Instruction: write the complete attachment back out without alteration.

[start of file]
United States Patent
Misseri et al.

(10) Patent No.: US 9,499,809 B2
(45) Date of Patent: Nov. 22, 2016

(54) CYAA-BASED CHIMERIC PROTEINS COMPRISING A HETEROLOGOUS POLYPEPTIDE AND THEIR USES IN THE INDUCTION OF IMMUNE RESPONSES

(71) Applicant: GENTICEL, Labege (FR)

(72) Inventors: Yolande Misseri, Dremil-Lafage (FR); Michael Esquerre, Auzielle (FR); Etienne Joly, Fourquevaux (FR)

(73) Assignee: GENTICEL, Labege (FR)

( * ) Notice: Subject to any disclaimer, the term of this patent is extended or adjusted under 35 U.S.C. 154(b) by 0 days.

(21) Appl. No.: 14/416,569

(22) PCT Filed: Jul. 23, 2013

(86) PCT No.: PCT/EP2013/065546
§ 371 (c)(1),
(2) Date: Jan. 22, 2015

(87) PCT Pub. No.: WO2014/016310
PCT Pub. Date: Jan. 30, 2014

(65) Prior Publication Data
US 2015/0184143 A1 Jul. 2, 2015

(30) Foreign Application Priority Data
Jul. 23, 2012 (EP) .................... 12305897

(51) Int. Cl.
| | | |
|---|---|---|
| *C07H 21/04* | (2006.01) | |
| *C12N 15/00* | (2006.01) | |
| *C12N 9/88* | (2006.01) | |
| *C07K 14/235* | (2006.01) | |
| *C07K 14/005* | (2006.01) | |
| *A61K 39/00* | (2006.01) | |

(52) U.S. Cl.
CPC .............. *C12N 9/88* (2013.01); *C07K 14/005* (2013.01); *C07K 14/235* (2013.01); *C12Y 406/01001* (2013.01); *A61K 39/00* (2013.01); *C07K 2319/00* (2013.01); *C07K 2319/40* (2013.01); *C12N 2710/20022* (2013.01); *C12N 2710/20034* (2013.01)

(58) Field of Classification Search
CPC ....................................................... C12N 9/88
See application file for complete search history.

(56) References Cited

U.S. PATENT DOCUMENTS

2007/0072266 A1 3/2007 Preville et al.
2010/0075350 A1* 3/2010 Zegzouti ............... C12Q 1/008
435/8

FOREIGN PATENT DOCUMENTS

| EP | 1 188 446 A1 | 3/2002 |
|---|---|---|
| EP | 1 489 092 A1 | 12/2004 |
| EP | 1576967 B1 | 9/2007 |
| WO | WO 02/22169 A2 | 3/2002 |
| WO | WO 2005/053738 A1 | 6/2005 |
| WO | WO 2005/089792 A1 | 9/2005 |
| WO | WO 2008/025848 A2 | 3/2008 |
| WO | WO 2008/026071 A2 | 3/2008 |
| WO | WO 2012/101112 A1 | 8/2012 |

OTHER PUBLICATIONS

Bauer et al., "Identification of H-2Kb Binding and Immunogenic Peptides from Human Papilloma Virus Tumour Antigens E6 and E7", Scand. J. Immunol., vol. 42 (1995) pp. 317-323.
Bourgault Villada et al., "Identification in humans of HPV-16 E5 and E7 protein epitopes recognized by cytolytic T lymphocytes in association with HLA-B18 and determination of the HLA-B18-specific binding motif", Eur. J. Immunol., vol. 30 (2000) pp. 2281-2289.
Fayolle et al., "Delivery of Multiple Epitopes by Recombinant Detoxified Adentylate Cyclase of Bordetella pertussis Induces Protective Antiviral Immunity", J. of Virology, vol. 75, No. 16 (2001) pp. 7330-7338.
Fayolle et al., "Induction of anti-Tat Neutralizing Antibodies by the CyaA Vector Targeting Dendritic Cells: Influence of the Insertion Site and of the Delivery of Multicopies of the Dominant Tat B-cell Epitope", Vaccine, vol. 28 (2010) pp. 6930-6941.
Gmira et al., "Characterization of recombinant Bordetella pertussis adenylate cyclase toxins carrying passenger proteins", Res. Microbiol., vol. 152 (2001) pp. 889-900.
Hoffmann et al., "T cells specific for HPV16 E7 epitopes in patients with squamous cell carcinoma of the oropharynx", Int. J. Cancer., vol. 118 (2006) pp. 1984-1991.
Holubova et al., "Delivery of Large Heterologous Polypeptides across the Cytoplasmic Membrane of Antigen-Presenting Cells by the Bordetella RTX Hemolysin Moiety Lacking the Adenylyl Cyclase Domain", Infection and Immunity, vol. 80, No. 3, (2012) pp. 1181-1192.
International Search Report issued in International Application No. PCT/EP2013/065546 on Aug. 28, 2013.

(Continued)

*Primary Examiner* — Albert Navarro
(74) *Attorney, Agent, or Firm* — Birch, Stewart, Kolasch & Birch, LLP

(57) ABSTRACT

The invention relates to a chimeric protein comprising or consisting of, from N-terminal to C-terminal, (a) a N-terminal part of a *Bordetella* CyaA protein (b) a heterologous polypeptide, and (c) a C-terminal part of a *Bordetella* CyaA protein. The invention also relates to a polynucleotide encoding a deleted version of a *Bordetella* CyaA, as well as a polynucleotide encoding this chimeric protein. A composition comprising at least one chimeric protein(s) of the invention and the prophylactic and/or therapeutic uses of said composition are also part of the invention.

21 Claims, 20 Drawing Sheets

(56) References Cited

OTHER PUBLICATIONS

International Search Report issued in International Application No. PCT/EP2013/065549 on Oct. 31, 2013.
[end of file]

United States Patent
Misseri et al.

(10) Patent No.: US 9,499,809 B2
(45) Date of Patent: Nov. 22, 2016

(54) CYAA-BASED CHIMERIC PROTEINS COMPRISING A HETEROLOGOUS POLYPEPTIDE AND THEIR USES IN THE INDUCTION OF IMMUNE RESPONSES

(71) Applicant: GENTICEL, Labege (FR)

(72) Inventors: Yolande Misseri, Dremil-Lafage (FR); Michael Esquerre, Auzielle (FR); Etienne Joly, Fourquevaux (FR)

(73) Assignee: GENTICEL, Labege (FR)

( * ) Notice: Subject to any disclaimer, the term of this patent is extended or adjusted under 35 U.S.C. 154(b) by 0 days.

(21) Appl. No.: 14/416,569

(22) PCT Filed: Jul. 23, 2013

(86) PCT No.: PCT/EP2013/065546
§ 371 (c)(1),
(2) Date: Jan. 22, 2015

(87) PCT Pub. No.: WO2014/016310
PCT Pub. Date: Jan. 30, 2014

(65) Prior Publication Data
US 2015/0184143 A1 Jul. 2, 2015

(30) Foreign Application Priority Data
Jul. 23, 2012 (EP) .................... 12305897

(51) Int. Cl.
| | | |
|---|---|---|
| *C07H 21/04* | (2006.01) | |
| *C12N 15/00* | (2006.01) | |
| *C12N 9/88* | (2006.01) | |
| *C07K 14/235* | (2006.01) | |
| *C07K 14/005* | (2006.01) | |
| *A61K 39/00* | (2006.01) | |

(52) U.S. Cl.
CPC .............. *C12N 9/88* (2013.01); *C07K 14/005* (2013.01); *C07K 14/235* (2013.01); *C12Y 406/01001* (2013.01); *A61K 39/00* (2013.01); *C07K 2319/00* (2013.01); *C07K 2319/40* (2013.01); *C12N 2710/20022* (2013.01); *C12N 2710/20034* (2013.01)

(58) Field of Classification Search
CPC ....................................................... C12N 9/88
See application file for complete search history.

(56) References Cited

U.S. PATENT DOCUMENTS

2007/0072266 A1 3/2007 Preville et al.
2010/0075350 A1* 3/2010 Zegzouti ............... C12Q 1/008
435/8

FOREIGN PATENT DOCUMENTS

| EP | 1 188 446 A1 | 3/2002 |
|---|---|---|
| EP | 1 489 092 A1 | 12/2004 |
| EP | 1576967 B1 | 9/2007 |
| WO | WO 02/22169 A2 | 3/2002 |
| WO | WO 2005/053738 A1 | 6/2005 |
| WO | WO 2005/089792 A1 | 9/2005 |
| WO | WO 2008/025848 A2 | 3/2008 |
| WO | WO 2008/026071 A2 | 3/2008 |
| WO | WO 2012/101112 A1 | 8/2012 |

OTHER PUBLICATIONS

Bauer et al., "Identification of H-2Kb Binding and Immunogenic Peptides from Human Papilloma Virus Tumour Antigens E6 and E7", Scand. J. Immunol., vol. 42 (1995) pp. 317-323.
Bourgault Villada et al., "Identification in humans of HPV-16 E5 and E7 protein epitopes recognized by cytolytic T lymphocytes in association with HLA-B18 and determination of the HLA-B18-specific binding motif", Eur. J. Immunol., vol. 30 (2000) pp. 2281-2289.
Fayolle et al., "Delivery of Multiple Epitopes by Recombinant Detoxified Adentylate Cyclase of Bordetella pertussis Induces Protective Antiviral Immunity", J. of Virology, vol. 75, No. 16 (2001) pp. 7330-7338.
Fayolle et al., "Induction of anti-Tat Neutralizing Antibodies by the CyaA Vector Targeting Dendritic Cells: Influence of the Insertion Site and of the Delivery of Multicopies of the Dominant Tat B-cell Epitope", Vaccine, vol. 28 (2010) pp. 6930-6941.
Gmira et al., "Characterization of recombinant Bordetella pertussis adenylate cyclase toxins carrying passenger proteins", Res. Microbiol., vol. 152 (2001) pp. 889-900.
Hoffmann et al., "T cells specific for HPV16 E7 epitopes in patients with squamous cell carcinoma of the oropharynx", Int. J. Cancer., vol. 118 (2006) pp. 1984-1991.
Holubova et al., "Delivery of Large Heterologous Polypeptides across the Cytoplasmic Membrane of Antigen-Presenting Cells by the Bordetella RTX Hemolysin Moiety Lacking the Adenylyl Cyclase Domain", Infection and Immunity, vol. 80, No. 3, (2012) pp. 1181-1192.
International Search Report issued in International Application No. PCT/EP2013/065546 on Aug. 28, 2013.

(Continued)

*Primary Examiner* — Albert Navarro
(74) *Attorney, Agent, or Firm* — Birch, Stewart, Kolasch & Birch, LLP

(57) ABSTRACT

The invention relates to a chimeric protein comprising or consisting of, from N-terminal to C-terminal, (a) a N-terminal part of a *Bordetella* CyaA protein (b) a heterologous polypeptide, and (c) a C-terminal part of a *Bordetella* CyaA protein. The invention also relates to a polynucleotide encoding a deleted version of a *Bordetella* CyaA, as well as a polynucleotide encoding this chimeric protein. A composition comprising at least one chimeric protein(s) of the invention and the prophylactic and/or therapeutic uses of said composition are also part of the invention.

21 Claims, 20 Drawing Sheets

(56) References Cited

OTHER PUBLICATIONS

International Search Report issued in International Application No. PCT/EP2013/065549 on Oct. 31, 2013.